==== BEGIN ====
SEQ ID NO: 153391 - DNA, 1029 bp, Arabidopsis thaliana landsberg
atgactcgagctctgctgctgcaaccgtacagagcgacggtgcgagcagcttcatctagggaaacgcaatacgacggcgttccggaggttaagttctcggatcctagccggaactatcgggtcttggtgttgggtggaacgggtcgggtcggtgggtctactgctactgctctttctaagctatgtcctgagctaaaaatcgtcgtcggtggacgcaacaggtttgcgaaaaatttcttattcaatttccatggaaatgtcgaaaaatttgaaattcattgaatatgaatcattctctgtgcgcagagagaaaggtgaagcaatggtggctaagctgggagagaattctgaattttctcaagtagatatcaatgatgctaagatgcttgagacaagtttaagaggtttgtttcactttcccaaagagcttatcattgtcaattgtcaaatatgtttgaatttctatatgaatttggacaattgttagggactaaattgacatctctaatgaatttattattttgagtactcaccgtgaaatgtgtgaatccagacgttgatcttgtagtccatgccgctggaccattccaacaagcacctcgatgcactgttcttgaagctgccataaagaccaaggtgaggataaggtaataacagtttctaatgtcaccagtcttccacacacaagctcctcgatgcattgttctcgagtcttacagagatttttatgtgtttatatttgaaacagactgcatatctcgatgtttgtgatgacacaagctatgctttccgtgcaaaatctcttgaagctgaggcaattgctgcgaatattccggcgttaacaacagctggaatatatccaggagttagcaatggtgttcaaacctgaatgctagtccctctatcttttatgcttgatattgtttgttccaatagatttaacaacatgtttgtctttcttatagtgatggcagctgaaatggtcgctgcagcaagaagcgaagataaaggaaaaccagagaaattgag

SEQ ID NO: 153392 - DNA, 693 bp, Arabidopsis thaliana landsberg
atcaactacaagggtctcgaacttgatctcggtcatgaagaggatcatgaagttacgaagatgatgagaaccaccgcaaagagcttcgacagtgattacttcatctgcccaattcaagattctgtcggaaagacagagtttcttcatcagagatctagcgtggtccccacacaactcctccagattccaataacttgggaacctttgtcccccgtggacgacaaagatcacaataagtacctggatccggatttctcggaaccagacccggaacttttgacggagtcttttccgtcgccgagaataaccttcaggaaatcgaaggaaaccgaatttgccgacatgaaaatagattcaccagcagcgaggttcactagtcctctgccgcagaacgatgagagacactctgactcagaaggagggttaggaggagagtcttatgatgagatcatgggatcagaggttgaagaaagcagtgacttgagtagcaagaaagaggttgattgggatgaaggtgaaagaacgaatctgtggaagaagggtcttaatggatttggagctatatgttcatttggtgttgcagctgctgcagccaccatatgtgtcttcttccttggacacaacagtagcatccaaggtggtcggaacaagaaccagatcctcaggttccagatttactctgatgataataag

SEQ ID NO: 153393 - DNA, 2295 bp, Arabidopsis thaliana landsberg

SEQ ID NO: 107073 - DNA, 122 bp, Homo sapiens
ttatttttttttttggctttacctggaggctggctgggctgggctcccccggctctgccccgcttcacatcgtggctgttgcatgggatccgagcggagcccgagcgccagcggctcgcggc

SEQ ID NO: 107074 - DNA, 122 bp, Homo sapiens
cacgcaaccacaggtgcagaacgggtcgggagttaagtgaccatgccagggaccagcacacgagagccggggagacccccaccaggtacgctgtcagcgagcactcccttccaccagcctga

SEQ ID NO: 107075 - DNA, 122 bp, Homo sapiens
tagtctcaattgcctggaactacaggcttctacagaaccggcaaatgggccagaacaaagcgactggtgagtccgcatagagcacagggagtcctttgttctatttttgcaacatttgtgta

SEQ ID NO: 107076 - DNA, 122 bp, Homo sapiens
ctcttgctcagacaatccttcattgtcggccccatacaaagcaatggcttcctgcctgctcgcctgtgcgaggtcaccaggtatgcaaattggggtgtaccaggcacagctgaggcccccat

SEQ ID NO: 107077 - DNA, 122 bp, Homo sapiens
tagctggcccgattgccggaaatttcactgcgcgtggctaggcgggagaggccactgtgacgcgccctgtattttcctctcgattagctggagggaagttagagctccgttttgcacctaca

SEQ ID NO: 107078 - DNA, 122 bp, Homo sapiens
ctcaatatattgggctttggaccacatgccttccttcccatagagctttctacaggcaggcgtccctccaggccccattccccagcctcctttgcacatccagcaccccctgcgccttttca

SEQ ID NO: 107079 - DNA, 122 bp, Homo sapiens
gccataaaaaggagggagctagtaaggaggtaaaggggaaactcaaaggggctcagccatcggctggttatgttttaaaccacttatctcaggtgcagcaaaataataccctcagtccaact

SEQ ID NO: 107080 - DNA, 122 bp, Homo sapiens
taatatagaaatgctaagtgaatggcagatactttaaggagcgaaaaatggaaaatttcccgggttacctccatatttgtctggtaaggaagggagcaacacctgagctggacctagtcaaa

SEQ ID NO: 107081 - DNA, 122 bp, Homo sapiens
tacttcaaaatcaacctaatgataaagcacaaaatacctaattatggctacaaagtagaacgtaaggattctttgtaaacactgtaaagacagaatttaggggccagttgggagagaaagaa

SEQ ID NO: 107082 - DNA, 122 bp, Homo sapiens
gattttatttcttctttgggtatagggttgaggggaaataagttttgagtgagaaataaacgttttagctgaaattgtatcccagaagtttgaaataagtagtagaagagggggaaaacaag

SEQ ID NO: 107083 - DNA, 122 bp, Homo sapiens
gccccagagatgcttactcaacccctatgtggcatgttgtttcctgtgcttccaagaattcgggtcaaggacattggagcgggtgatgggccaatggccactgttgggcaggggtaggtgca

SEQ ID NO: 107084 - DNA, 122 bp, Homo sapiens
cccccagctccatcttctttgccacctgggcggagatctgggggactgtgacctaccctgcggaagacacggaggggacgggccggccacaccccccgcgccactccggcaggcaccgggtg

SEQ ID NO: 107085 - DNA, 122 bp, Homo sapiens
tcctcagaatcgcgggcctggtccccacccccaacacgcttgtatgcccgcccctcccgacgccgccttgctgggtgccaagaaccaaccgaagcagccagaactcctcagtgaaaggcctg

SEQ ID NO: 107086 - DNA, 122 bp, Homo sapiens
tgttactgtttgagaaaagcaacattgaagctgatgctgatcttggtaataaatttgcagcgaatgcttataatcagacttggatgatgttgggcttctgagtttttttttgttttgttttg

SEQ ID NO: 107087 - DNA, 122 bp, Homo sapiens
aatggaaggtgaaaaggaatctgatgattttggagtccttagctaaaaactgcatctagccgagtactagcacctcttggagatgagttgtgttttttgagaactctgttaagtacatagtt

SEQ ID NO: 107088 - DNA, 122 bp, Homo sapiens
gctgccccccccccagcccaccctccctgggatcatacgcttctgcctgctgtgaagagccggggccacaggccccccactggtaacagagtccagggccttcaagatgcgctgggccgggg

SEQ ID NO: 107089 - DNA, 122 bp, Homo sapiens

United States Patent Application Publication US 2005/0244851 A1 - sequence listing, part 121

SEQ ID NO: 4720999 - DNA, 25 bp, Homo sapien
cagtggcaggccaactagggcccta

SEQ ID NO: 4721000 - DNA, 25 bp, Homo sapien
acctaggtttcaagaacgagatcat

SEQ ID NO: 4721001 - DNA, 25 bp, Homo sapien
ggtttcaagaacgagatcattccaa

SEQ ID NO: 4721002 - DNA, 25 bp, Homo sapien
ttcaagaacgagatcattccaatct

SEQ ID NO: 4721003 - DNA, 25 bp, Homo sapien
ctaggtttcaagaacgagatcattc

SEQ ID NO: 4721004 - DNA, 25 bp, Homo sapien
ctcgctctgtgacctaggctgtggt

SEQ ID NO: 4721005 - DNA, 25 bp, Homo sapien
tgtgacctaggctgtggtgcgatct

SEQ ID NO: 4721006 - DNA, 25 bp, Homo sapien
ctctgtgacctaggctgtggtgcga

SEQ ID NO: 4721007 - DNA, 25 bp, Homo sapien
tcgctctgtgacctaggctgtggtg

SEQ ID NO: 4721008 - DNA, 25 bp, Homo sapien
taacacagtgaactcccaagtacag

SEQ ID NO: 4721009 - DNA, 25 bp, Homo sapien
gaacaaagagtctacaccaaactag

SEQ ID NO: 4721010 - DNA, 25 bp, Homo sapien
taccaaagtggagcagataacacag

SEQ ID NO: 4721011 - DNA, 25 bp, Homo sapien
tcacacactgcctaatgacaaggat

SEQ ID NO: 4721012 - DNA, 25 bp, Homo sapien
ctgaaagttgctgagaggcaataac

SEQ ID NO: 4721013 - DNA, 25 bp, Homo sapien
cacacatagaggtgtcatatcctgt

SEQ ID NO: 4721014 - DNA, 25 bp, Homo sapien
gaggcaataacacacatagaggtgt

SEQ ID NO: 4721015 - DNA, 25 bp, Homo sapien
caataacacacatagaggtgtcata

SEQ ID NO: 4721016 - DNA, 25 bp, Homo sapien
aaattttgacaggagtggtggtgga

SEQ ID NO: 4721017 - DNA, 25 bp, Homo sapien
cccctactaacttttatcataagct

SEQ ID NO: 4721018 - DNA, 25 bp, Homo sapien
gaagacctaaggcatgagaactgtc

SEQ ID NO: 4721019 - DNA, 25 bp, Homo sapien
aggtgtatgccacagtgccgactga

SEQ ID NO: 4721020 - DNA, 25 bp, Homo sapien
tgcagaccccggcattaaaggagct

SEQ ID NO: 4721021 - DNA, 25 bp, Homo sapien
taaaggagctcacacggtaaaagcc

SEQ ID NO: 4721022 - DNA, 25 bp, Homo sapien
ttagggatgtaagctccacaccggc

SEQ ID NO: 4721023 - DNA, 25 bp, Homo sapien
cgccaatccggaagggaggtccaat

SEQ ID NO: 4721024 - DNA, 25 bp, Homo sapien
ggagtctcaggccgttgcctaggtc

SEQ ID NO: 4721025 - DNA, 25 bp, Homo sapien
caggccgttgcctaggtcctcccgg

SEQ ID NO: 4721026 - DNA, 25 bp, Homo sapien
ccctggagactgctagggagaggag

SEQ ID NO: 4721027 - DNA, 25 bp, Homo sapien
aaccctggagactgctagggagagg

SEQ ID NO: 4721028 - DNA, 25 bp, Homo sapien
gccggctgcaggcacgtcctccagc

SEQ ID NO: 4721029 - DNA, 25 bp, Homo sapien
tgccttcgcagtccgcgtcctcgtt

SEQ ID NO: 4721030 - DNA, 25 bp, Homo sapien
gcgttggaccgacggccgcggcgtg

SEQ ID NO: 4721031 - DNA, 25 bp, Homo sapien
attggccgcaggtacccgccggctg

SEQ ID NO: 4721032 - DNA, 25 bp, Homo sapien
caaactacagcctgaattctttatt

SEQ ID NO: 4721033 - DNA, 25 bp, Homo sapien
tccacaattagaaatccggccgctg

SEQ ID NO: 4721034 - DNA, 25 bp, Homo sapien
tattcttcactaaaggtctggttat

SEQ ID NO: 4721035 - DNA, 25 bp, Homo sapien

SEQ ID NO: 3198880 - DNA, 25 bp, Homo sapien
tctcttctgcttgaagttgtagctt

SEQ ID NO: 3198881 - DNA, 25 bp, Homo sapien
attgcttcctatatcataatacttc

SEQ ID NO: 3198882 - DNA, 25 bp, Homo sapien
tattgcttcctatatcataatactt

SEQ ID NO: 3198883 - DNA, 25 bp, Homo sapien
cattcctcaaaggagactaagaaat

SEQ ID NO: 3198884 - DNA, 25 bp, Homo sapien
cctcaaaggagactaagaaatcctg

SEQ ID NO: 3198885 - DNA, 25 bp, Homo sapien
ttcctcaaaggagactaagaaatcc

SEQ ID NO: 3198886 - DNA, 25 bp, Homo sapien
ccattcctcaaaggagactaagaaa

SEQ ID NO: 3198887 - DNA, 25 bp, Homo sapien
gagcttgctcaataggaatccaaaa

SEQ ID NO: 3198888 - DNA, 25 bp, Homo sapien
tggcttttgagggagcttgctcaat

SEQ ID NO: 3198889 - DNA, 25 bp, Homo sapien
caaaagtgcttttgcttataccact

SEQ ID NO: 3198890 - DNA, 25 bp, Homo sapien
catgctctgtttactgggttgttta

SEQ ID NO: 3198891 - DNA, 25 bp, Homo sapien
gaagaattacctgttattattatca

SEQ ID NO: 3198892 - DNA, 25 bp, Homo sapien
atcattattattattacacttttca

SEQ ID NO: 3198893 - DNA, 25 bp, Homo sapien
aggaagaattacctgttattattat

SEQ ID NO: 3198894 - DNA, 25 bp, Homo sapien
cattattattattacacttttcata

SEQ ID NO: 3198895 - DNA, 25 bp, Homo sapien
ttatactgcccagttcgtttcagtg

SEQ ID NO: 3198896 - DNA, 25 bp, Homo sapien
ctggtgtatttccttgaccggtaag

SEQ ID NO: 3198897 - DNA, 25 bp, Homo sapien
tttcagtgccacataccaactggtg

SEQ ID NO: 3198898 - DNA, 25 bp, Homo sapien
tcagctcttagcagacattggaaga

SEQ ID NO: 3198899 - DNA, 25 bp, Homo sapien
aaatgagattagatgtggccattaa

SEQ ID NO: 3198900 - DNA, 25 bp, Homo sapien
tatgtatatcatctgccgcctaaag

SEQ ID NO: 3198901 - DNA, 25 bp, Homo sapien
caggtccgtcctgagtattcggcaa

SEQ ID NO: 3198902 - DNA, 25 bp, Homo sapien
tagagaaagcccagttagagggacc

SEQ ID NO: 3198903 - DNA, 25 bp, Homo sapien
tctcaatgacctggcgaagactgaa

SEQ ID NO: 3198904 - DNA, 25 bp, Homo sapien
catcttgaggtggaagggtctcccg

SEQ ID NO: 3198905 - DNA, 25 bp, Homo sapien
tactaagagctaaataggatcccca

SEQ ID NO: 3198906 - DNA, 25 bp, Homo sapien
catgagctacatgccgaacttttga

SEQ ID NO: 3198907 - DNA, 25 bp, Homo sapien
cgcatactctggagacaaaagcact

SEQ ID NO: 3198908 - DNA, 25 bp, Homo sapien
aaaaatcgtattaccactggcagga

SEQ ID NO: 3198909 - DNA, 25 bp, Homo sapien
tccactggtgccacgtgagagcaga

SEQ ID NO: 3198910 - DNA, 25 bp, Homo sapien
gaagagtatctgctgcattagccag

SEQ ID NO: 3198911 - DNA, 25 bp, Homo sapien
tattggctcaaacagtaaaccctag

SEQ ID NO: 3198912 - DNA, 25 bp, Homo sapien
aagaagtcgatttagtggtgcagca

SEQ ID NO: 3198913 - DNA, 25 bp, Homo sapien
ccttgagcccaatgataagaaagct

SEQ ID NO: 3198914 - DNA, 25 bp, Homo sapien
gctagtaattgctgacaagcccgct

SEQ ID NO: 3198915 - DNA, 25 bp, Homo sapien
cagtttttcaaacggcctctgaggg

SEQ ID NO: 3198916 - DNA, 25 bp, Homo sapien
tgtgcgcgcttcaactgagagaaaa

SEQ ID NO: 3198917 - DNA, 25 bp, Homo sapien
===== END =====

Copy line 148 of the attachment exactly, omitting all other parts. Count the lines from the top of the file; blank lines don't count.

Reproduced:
tttcagtgccacataccaactggtg